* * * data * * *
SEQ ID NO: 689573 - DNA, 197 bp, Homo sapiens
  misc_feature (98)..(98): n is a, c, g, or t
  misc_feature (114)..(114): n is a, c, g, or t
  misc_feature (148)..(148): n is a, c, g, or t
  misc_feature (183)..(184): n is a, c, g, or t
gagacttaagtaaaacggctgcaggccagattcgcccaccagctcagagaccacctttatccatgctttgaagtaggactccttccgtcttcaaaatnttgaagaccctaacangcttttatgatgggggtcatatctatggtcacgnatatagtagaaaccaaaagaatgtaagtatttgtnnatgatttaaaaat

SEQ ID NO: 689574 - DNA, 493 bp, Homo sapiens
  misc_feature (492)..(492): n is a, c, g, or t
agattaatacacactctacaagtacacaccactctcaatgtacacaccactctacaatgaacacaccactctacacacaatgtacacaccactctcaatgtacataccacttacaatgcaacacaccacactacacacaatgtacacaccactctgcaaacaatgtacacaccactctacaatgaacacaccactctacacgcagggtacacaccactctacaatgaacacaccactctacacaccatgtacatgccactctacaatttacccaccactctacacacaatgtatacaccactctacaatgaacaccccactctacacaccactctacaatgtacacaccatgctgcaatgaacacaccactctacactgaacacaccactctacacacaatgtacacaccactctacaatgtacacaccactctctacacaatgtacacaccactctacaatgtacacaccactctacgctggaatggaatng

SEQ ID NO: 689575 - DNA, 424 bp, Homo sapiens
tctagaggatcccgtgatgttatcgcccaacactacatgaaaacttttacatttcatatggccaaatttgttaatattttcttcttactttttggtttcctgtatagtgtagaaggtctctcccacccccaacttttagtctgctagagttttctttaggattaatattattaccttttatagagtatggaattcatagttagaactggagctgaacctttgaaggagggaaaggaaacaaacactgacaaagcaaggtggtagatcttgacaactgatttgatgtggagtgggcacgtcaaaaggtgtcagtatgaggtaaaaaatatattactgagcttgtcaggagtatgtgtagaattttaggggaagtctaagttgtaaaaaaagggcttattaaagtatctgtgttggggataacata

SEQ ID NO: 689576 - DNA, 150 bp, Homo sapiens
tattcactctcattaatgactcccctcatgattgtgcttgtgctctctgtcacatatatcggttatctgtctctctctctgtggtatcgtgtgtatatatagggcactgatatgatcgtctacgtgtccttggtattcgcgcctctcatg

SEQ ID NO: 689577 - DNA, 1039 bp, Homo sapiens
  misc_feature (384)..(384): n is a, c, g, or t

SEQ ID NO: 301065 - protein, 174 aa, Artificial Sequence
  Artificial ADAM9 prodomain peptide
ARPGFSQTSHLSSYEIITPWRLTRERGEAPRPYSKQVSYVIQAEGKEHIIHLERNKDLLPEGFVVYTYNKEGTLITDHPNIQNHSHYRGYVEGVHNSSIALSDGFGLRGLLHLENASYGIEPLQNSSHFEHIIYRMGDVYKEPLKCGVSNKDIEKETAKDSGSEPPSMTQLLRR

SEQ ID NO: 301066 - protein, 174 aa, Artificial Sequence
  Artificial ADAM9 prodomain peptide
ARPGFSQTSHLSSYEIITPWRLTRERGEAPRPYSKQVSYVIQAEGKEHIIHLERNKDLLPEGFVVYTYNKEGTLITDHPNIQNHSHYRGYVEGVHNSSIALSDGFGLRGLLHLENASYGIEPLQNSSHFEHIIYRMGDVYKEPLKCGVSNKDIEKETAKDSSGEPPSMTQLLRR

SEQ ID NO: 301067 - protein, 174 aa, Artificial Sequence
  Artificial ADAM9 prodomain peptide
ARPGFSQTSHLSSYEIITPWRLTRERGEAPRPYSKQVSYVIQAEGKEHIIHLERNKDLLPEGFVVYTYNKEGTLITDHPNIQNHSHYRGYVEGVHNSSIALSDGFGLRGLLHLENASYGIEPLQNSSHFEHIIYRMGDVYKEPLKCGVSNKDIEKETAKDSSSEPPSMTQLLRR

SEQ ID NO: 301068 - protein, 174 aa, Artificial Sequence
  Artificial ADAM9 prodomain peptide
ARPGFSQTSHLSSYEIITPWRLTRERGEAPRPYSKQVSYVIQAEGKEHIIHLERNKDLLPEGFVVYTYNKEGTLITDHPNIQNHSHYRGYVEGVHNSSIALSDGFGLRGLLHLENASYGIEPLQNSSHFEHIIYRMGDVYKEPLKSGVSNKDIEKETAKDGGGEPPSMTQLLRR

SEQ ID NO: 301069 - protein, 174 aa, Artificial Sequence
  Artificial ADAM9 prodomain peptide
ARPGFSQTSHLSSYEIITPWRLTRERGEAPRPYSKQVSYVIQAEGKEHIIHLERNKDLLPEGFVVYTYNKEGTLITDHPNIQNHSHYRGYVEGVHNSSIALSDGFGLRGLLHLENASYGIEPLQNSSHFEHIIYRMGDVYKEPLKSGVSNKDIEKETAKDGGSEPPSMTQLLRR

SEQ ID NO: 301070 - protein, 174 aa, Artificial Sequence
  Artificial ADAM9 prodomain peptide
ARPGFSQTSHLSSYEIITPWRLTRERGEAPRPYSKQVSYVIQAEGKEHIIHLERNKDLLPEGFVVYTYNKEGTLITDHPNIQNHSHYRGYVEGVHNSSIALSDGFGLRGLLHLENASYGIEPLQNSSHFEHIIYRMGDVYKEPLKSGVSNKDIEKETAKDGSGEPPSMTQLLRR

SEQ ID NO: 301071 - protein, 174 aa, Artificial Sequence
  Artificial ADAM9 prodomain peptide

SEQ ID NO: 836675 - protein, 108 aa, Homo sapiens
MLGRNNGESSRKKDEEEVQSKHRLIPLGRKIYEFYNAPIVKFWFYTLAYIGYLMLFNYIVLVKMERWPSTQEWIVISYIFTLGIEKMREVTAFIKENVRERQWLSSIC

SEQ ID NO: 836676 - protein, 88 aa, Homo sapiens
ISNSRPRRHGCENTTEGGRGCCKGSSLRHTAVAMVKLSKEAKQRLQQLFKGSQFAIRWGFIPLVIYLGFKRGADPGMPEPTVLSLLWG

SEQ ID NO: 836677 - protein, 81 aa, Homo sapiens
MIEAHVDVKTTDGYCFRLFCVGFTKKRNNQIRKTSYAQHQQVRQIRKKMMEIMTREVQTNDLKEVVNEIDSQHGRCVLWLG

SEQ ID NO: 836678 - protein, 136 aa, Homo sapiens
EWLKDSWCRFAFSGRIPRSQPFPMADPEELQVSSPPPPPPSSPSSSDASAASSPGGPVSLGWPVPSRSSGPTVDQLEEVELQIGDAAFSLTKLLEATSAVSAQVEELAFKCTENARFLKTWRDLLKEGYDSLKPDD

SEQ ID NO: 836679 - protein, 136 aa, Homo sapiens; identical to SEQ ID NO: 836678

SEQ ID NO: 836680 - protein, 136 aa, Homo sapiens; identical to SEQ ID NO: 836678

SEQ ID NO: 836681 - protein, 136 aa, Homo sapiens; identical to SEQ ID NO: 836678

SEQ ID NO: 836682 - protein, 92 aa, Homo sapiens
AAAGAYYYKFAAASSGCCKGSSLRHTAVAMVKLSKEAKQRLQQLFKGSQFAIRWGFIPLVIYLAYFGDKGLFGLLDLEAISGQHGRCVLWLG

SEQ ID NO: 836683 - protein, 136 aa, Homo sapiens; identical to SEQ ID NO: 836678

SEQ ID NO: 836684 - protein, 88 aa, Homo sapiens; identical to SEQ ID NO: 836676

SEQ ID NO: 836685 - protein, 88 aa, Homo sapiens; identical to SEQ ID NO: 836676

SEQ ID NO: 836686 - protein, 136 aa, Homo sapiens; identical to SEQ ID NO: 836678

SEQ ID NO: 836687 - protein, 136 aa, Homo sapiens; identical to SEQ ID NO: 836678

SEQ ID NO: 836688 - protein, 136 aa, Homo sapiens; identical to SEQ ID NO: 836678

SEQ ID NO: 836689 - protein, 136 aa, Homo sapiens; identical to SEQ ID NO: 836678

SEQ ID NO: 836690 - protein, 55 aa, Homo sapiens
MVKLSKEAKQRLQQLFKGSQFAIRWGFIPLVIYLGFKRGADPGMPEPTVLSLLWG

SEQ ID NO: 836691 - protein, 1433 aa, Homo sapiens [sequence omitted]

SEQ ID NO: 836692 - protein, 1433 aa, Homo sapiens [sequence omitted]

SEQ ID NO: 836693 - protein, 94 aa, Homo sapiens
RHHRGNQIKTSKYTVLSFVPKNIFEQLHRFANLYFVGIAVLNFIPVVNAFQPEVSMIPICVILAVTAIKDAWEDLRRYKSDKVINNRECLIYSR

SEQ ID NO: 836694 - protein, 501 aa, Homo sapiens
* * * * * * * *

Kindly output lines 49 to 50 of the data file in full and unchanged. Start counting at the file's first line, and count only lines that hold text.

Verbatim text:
SEQ ID NO: 836683 - protein, 136 aa, Homo sapiens; identical to SEQ ID NO: 836678

SEQ ID NO: 836684 - protein, 88 aa, Homo sapiens; identical to SEQ ID NO: 836676